One of the most frequently asked questions I receive is about how to manage color on the client monitor.
On most shoots, we output directly from the camera via HD-SDI to our Panasonic 1710. The Panasonic 17" series is the most standard monitor on set worldwide, and therefore most clients are familiar with it, saving time and effort in setting expectations.
It's important that your client understands that one of the great advantage of shooting raw, arguably the greatest advantage of the camera, is the level of flexibility that raw files provide to dial in the final color and overall look of the piece. The way I describe it is to say that the monitor out is a really great monitor tap, with a preliminary LUT applied. It's a general approximation of the final output, and while it should be "directionally correct" it's a big mistake to spend a lot of time on set trying to dial in the final look of the project.
The reality is that ambient light, and the colors inherent in the environment make it impossible to do any serious color evaluation on set. Get the performance, get a solid exposure, and the images are going to look great.
Occasionally you are going to find yourself with a client that just gets stuck on this issue. They commonly come from a video background where painting in the camera and in camera adjustments to match multiple cameras was common, and where there was far less latitude in exposure and color space, and their experience has taught them to dial things in as close as possible to the final look on set to protect themselves.
While completely understandable, it's just plain madness to have talent and crew standing around while you dial in color on the camera.
If you find yourself in this situation, I suggest one of two approaches. The first involves a little sleight of hand, and will be a harder sell to more experienced directors. (but frankly the more experienced directors understand RED pretty well at this point.)
Rather that use a standard monitor like the Panasonic, output via HDMI to a cheap 24" computer monitor, and tell them they will be better able to evaluate performance and framing on the larger screen, both of which happen to be true. As long as you know you are nailing exposure, you can also accurately tell your client that color space is different, and so they shouldn't be concerned about the color balance as they are going to able to have huge leeway to make adjustments in post.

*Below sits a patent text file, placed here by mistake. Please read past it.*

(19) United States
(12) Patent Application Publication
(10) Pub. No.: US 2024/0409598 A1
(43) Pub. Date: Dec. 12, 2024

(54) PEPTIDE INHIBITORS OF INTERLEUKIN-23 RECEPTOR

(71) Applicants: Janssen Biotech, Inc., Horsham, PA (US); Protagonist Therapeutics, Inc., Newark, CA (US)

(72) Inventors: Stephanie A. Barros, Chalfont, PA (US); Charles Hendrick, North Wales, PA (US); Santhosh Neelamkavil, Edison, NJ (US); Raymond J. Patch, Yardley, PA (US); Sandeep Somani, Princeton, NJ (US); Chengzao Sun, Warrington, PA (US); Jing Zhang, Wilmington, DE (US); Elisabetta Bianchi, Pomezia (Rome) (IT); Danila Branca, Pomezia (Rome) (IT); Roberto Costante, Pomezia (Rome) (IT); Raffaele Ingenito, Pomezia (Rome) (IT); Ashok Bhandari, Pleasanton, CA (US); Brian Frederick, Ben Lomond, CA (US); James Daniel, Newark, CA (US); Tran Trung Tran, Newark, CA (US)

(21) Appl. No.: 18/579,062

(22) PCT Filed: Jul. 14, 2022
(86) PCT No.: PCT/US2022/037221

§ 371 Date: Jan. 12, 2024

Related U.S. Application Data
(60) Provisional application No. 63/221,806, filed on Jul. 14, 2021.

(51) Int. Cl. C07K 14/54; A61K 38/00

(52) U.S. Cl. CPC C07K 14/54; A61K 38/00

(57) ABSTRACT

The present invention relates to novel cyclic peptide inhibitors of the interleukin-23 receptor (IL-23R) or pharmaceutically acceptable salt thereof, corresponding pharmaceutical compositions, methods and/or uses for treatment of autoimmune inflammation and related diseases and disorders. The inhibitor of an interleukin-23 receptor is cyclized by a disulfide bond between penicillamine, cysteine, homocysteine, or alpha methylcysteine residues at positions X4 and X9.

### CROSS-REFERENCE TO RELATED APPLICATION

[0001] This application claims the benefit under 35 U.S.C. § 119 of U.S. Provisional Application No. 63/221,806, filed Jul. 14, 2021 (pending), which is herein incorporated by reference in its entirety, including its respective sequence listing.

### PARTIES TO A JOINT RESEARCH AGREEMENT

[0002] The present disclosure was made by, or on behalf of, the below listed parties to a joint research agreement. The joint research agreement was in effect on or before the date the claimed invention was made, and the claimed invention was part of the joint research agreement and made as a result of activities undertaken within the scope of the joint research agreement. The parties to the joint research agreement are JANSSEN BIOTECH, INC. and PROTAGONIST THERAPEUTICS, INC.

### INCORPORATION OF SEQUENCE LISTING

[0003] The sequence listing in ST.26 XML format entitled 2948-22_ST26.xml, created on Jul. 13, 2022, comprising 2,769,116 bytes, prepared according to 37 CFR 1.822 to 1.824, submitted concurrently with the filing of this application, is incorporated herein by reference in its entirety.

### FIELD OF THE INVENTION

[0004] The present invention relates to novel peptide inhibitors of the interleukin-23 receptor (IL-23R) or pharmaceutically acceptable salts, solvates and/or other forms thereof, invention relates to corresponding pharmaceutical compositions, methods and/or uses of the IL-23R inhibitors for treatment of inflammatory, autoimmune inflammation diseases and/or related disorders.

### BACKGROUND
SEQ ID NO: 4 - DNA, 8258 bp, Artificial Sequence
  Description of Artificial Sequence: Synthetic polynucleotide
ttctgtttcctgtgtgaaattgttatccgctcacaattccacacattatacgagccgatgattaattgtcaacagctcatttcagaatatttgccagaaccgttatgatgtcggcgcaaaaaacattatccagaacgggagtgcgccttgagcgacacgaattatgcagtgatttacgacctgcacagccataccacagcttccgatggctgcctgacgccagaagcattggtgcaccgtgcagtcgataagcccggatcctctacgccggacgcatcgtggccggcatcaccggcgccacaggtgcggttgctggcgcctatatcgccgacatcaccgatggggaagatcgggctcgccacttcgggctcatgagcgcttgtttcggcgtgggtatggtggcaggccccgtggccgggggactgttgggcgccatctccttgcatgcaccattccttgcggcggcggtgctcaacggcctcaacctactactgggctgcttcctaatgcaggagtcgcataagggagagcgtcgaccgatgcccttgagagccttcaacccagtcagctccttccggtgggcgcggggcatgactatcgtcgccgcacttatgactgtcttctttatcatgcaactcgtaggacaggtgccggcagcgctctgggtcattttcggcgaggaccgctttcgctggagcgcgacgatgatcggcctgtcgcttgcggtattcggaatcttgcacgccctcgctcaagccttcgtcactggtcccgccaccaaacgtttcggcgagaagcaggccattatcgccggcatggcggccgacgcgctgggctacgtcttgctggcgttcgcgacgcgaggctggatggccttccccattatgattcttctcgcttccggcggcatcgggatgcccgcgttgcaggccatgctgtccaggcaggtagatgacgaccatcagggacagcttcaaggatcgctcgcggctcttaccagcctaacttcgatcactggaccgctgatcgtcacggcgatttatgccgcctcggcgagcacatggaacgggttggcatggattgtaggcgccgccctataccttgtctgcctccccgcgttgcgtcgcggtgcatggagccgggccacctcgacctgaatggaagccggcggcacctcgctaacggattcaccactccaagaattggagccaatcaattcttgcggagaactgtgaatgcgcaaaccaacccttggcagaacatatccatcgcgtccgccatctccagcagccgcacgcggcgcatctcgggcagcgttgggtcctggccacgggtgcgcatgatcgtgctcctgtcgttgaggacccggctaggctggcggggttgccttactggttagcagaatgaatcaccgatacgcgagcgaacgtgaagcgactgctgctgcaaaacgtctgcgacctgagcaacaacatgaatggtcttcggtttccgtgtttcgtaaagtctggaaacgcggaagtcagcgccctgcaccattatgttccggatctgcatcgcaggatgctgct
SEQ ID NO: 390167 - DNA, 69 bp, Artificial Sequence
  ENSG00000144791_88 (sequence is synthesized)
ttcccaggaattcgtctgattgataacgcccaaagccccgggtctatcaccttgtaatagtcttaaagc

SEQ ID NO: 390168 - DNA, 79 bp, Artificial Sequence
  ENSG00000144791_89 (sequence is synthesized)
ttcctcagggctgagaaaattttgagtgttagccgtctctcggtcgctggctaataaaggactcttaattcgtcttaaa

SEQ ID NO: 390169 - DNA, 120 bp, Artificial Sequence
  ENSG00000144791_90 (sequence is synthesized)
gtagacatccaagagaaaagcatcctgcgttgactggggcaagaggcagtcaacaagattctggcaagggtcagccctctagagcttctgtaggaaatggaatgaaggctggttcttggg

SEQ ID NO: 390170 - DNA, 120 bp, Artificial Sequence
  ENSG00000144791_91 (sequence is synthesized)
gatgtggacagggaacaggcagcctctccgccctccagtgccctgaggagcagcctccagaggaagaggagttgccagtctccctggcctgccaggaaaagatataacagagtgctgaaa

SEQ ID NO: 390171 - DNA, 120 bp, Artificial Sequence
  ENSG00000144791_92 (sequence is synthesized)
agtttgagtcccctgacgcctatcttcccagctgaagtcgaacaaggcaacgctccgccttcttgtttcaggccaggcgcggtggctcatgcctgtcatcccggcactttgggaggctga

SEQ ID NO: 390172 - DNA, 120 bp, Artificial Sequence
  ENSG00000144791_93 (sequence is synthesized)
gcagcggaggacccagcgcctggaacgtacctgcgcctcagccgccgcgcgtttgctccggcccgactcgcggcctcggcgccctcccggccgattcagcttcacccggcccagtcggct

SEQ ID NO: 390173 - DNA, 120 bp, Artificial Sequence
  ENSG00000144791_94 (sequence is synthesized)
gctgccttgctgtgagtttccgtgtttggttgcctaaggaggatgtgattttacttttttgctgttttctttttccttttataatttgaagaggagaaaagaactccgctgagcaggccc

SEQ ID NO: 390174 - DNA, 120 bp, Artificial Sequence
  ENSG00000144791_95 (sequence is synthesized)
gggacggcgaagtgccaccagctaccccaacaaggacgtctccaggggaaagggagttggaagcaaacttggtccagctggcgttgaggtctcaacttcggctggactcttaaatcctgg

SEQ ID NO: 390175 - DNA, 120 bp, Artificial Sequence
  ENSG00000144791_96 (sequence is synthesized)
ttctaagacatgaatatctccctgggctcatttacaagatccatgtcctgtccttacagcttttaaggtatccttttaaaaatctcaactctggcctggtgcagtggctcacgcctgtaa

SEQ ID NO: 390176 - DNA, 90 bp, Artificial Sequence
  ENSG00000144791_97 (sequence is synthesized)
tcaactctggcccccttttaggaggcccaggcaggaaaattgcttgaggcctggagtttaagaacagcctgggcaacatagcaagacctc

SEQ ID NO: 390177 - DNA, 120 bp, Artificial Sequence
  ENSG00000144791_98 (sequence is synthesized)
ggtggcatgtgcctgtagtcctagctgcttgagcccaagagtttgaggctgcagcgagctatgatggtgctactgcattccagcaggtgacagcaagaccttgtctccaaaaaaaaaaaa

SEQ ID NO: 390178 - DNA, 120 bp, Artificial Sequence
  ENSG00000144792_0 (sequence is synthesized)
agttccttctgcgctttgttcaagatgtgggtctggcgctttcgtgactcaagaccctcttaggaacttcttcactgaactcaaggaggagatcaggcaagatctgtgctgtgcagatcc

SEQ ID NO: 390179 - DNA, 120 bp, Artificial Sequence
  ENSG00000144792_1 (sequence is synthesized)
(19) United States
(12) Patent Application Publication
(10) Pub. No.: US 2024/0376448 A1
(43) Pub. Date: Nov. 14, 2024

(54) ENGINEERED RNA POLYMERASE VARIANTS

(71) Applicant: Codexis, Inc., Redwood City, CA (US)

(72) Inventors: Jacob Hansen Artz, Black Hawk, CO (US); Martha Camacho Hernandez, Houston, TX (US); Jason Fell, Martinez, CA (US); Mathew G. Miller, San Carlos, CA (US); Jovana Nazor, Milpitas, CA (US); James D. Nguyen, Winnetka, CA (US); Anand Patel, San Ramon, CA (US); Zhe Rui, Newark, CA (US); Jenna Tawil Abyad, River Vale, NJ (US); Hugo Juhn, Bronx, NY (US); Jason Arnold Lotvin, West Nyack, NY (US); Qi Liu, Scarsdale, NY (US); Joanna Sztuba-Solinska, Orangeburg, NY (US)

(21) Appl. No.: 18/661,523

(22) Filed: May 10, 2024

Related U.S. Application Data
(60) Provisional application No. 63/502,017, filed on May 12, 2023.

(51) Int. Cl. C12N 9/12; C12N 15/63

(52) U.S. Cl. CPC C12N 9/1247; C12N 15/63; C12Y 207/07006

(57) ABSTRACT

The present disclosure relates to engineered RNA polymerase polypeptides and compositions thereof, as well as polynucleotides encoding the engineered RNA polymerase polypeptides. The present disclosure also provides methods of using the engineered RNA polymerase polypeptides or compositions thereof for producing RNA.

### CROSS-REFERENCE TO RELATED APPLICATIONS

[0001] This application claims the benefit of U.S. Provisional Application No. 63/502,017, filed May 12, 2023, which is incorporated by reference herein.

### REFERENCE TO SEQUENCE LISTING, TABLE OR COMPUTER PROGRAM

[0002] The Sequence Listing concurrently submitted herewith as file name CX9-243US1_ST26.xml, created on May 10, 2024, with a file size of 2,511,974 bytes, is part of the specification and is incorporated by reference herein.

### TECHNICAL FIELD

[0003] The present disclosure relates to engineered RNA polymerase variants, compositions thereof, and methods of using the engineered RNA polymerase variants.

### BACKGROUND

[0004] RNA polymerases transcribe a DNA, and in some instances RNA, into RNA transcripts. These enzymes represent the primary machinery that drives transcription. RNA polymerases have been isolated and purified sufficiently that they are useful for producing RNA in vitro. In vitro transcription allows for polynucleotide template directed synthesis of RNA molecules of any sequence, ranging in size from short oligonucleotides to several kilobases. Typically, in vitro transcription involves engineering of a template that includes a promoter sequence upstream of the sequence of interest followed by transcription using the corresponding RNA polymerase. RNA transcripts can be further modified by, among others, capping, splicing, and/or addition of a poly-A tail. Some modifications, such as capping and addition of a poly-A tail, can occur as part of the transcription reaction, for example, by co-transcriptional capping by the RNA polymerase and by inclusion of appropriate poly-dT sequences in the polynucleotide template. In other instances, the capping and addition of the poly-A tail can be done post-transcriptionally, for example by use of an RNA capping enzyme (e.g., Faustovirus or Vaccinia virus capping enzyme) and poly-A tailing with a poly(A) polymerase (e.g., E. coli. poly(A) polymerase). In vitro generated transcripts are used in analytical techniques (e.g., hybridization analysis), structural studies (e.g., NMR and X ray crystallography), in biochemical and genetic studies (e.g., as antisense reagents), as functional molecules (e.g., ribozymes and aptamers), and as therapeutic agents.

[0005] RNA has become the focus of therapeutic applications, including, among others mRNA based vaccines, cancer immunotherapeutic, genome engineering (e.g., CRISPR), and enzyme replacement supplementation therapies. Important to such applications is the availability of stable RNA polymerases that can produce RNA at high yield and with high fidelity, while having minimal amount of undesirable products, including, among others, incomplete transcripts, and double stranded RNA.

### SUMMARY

This strategy works even better if you can have a DIT station with a Rocket on set, placed in a more light controlled environment where more critical evaluation can take place. This is a far better way to evaluate your work than relying on the camera monitor path.
Now if you find yourself in the situation where you just can't sell that approach and you have to output something that is pretty close to final output, you can take the second path, namely to create a look in REDCINE-X and export it to the camera.
I'm not a huge fan of this approach, but it's a good option to have when needed.
This turns out to be a little tricky due to some very specific constraints required by the camera for the media that it will save looks to. Check out my blog article "How to format a SD card for RED One looks transfer" for detailed instruction for what is required.
The other thing to remember is that at present all looks have to be in REDColor Color Space and REDgamma Gamma Space. No other color space or Gamma space are supported for looks transfer at this time.
Once you've prepared your media, the rest is pretty straight forward. Shoot a quick clip, open it in REDCINE-X and use the Look Control features to dial in the desired look. Once that's done go the File menu and select "Save current look to camera" and save your look the SD card, and you are good to go.
You can then upload the look to the camera via the SD card reader, and the Video menu. There is no way to output a look to SD card from the camera, but frankly that not really an issue, and all clips coming off the camera capture all the meta-data that is used to define the in camera look you have created, so you have ready access to that data and can create a Look Preset in REDCINE-X from your clip.